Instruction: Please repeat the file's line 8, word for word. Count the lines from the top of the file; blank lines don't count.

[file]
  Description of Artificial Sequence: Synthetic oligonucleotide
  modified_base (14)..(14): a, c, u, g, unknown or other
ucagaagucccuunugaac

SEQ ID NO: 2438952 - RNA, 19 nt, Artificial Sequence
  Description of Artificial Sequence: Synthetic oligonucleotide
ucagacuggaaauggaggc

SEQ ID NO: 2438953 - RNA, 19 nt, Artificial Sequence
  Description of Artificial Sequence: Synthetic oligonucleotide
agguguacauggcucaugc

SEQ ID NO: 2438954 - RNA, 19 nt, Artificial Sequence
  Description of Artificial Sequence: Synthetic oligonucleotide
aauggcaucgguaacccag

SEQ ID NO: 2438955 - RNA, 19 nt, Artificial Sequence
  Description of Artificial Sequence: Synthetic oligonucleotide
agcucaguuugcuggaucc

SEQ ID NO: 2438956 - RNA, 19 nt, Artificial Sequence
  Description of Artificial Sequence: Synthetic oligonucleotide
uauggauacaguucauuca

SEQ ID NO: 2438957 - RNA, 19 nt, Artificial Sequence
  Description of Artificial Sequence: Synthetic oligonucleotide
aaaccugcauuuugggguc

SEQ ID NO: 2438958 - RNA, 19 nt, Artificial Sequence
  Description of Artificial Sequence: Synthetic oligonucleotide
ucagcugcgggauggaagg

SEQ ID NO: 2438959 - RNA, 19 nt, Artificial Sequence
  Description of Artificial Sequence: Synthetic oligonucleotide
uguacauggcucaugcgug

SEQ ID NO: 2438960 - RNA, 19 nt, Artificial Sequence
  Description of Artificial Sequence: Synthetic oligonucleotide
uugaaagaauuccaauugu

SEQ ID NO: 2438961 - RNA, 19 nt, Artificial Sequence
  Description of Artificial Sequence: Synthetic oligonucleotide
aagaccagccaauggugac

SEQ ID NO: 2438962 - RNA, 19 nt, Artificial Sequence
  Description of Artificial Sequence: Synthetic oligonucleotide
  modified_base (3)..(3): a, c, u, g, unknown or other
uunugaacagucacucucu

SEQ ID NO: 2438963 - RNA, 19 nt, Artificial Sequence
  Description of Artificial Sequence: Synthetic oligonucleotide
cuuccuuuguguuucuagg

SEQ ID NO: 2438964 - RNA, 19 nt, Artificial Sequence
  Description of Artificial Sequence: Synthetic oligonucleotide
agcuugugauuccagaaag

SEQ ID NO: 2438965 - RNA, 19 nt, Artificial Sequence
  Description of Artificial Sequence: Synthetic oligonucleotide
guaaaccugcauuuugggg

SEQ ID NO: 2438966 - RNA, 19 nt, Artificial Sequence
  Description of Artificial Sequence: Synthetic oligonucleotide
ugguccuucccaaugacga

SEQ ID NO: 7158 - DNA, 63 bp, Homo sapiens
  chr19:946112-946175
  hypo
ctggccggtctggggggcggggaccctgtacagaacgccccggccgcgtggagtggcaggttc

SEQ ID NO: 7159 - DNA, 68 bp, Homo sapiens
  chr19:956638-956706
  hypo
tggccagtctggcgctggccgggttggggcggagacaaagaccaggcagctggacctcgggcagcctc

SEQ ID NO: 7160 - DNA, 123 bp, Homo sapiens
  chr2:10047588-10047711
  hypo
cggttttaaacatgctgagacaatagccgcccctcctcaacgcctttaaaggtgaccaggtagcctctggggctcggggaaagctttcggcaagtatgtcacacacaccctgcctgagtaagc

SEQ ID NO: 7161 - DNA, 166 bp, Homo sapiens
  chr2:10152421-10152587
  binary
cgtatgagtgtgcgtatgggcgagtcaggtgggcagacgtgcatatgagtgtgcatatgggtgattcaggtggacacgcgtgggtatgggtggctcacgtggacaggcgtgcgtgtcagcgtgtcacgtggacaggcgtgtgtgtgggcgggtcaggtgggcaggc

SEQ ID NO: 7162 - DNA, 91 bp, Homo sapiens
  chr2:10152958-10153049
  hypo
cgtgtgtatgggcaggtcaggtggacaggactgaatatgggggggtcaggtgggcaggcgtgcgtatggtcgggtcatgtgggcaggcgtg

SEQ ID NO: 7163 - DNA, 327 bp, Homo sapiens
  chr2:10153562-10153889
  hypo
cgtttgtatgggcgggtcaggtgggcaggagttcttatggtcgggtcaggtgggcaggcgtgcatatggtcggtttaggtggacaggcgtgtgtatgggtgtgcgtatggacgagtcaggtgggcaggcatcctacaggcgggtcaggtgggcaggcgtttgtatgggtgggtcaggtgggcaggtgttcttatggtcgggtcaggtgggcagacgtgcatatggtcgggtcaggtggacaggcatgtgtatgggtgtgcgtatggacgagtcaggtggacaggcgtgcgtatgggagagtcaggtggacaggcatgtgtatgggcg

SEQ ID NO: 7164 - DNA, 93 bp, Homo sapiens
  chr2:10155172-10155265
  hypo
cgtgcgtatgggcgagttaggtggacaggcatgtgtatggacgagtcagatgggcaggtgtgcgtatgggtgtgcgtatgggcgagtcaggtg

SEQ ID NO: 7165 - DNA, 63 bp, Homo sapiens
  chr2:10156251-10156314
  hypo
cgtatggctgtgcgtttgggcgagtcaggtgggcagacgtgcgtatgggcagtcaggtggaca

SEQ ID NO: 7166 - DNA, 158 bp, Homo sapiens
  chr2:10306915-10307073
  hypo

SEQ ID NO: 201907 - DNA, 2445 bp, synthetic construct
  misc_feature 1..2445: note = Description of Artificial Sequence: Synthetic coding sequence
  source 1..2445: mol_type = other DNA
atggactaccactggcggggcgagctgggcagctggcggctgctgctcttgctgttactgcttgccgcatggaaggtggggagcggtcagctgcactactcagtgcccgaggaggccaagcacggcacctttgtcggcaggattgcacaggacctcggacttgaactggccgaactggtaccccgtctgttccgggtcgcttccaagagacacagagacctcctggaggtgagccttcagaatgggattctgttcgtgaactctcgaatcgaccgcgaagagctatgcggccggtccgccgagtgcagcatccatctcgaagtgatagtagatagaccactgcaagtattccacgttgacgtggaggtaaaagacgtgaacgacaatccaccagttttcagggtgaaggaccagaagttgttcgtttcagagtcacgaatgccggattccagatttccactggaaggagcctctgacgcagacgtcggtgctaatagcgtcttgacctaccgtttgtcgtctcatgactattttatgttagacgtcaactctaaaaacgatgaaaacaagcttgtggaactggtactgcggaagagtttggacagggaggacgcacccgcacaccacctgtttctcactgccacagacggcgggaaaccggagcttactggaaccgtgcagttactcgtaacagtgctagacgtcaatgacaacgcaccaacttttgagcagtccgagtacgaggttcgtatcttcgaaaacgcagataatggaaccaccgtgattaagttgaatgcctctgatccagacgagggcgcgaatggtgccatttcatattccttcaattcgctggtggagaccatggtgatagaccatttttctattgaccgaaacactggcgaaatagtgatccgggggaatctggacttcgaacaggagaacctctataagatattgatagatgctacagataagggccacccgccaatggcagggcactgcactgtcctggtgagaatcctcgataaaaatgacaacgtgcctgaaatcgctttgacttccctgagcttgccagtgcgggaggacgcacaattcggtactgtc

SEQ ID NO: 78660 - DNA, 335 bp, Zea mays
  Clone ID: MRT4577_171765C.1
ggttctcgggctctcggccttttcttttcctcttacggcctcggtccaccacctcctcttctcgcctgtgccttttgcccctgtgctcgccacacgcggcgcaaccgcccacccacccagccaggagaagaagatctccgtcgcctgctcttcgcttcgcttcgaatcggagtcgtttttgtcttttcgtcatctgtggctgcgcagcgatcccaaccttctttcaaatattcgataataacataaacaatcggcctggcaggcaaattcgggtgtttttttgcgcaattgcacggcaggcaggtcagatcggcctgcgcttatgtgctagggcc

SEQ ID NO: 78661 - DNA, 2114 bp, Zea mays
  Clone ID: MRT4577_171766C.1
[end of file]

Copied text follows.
  Description of Artificial Sequence: Synthetic oligonucleotide